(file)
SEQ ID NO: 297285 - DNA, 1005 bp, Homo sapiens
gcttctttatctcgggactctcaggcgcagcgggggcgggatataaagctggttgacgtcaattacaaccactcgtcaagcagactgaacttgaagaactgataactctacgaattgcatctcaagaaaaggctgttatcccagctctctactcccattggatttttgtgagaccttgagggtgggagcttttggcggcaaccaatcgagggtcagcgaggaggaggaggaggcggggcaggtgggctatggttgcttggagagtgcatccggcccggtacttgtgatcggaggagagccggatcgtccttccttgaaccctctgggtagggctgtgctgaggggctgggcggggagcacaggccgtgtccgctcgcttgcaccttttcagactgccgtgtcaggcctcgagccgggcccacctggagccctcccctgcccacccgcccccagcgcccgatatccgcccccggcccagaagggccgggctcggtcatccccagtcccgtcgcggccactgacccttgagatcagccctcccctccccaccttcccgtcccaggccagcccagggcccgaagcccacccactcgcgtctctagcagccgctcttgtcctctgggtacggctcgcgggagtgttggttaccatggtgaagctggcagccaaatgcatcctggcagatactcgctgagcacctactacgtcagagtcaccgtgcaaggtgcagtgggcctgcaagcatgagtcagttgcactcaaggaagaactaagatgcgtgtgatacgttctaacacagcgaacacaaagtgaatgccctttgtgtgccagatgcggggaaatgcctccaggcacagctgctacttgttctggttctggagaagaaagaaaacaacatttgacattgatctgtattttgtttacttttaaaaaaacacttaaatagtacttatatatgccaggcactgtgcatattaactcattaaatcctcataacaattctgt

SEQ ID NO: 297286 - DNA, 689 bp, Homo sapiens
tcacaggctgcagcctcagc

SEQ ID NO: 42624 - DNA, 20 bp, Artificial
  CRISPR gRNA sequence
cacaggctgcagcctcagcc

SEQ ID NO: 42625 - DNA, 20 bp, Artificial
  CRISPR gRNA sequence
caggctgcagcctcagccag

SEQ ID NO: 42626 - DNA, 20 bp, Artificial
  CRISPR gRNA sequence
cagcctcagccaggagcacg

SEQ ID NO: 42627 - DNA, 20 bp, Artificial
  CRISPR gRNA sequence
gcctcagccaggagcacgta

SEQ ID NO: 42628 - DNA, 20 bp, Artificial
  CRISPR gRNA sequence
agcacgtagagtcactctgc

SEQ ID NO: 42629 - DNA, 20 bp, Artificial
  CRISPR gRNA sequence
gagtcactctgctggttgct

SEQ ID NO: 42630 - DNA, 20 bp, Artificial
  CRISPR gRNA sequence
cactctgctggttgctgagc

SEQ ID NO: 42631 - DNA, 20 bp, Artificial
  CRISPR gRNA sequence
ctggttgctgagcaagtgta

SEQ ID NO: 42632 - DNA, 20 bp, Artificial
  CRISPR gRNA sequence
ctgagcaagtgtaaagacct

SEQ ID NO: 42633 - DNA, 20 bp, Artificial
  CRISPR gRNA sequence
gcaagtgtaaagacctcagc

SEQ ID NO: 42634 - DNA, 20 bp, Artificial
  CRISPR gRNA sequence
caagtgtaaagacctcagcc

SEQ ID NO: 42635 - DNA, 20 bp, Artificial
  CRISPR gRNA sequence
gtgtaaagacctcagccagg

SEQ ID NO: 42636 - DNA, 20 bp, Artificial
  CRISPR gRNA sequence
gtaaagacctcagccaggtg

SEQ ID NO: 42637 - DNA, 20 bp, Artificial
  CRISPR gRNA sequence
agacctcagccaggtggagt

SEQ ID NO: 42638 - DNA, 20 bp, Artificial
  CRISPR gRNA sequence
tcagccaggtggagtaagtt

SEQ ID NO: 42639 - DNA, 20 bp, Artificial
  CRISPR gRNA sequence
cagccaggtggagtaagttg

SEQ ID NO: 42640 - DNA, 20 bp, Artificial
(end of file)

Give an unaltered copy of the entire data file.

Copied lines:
SEQ ID NO: 297285 - DNA, 1005 bp, Homo sapiens
gcttctttatctcgggactctcaggcgcagcgggggcgggatataaagctggttgacgtcaattacaaccactcgtcaagcagactgaacttgaagaactgataactctacgaattgcatctcaagaaaaggctgttatcccagctctctactcccattggatttttgtgagaccttgagggtgggagcttttggcggcaaccaatcgagggtcagcgaggaggaggaggaggcggggcaggtgggctatggttgcttggagagtgcatccggcccggtacttgtgatcggaggagagccggatcgtccttccttgaaccctctgggtagggctgtgctgaggggctgggcggggagcacaggccgtgtccgctcgcttgcaccttttcagactgccgtgtcaggcctcgagccgggcccacctggagccctcccctgcccacccgcccccagcgcccgatatccgcccccggcccagaagggccgggctcggtcatccccagtcccgtcgcggccactgacccttgagatcagccctcccctccccaccttcccgtcccaggccagcccagggcccgaagcccacccactcgcgtctctagcagccgctcttgtcctctgggtacggctcgcgggagtgttggttaccatggtgaagctggcagccaaatgcatcctggcagatactcgctgagcacctactacgtcagagtcaccgtgcaaggtgcagtgggcctgcaagcatgagtcagttgcactcaaggaagaactaagatgcgtgtgatacgttctaacacagcgaacacaaagtgaatgccctttgtgtgccagatgcggggaaatgcctccaggcacagctgctacttgttctggttctggagaagaaagaaaacaacatttgacattgatctgtattttgtttacttttaaaaaaacacttaaatagtacttatatatgccaggcactgtgcatattaactcattaaatcctcataacaattctgt

SEQ ID NO: 297286 - DNA, 689 bp, Homo sapiens
tcacaggctgcagcctcagc

SEQ ID NO: 42624 - DNA, 20 bp, Artificial
  CRISPR gRNA sequence
cacaggctgcagcctcagcc

SEQ ID NO: 42625 - DNA, 20 bp, Artificial
  CRISPR gRNA sequence
caggctgcagcctcagccag

SEQ ID NO: 42626 - DNA, 20 bp, Artificial
  CRISPR gRNA sequence
cagcctcagccaggagcacg

SEQ ID NO: 42627 - DNA, 20 bp, Artificial
  CRISPR gRNA sequence
gcctcagccaggagcacgta

SEQ ID NO: 42628 - DNA, 20 bp, Artificial
  CRISPR gRNA sequence
agcacgtagagtcactctgc

SEQ ID NO: 42629 - DNA, 20 bp, Artificial
  CRISPR gRNA sequence
gagtcactctgctggttgct

SEQ ID NO: 42630 - DNA, 20 bp, Artificial
  CRISPR gRNA sequence
cactctgctggttgctgagc

SEQ ID NO: 42631 - DNA, 20 bp, Artificial
  CRISPR gRNA sequence
ctggttgctgagcaagtgta

SEQ ID NO: 42632 - DNA, 20 bp, Artificial
  CRISPR gRNA sequence
ctgagcaagtgtaaagacct

SEQ ID NO: 42633 - DNA, 20 bp, Artificial
  CRISPR gRNA sequence
gcaagtgtaaagacctcagc

SEQ ID NO: 42634 - DNA, 20 bp, Artificial
  CRISPR gRNA sequence
caagtgtaaagacctcagcc

SEQ ID NO: 42635 - DNA, 20 bp, Artificial
  CRISPR gRNA sequence
gtgtaaagacctcagccagg

SEQ ID NO: 42636 - DNA, 20 bp, Artificial
  CRISPR gRNA sequence
gtaaagacctcagccaggtg

SEQ ID NO: 42637 - DNA, 20 bp, Artificial
  CRISPR gRNA sequence
agacctcagccaggtggagt

SEQ ID NO: 42638 - DNA, 20 bp, Artificial
  CRISPR gRNA sequence
tcagccaggtggagtaagtt

SEQ ID NO: 42639 - DNA, 20 bp, Artificial
  CRISPR gRNA sequence
cagccaggtggagtaagttg

SEQ ID NO: 42640 - DNA, 20 bp, Artificial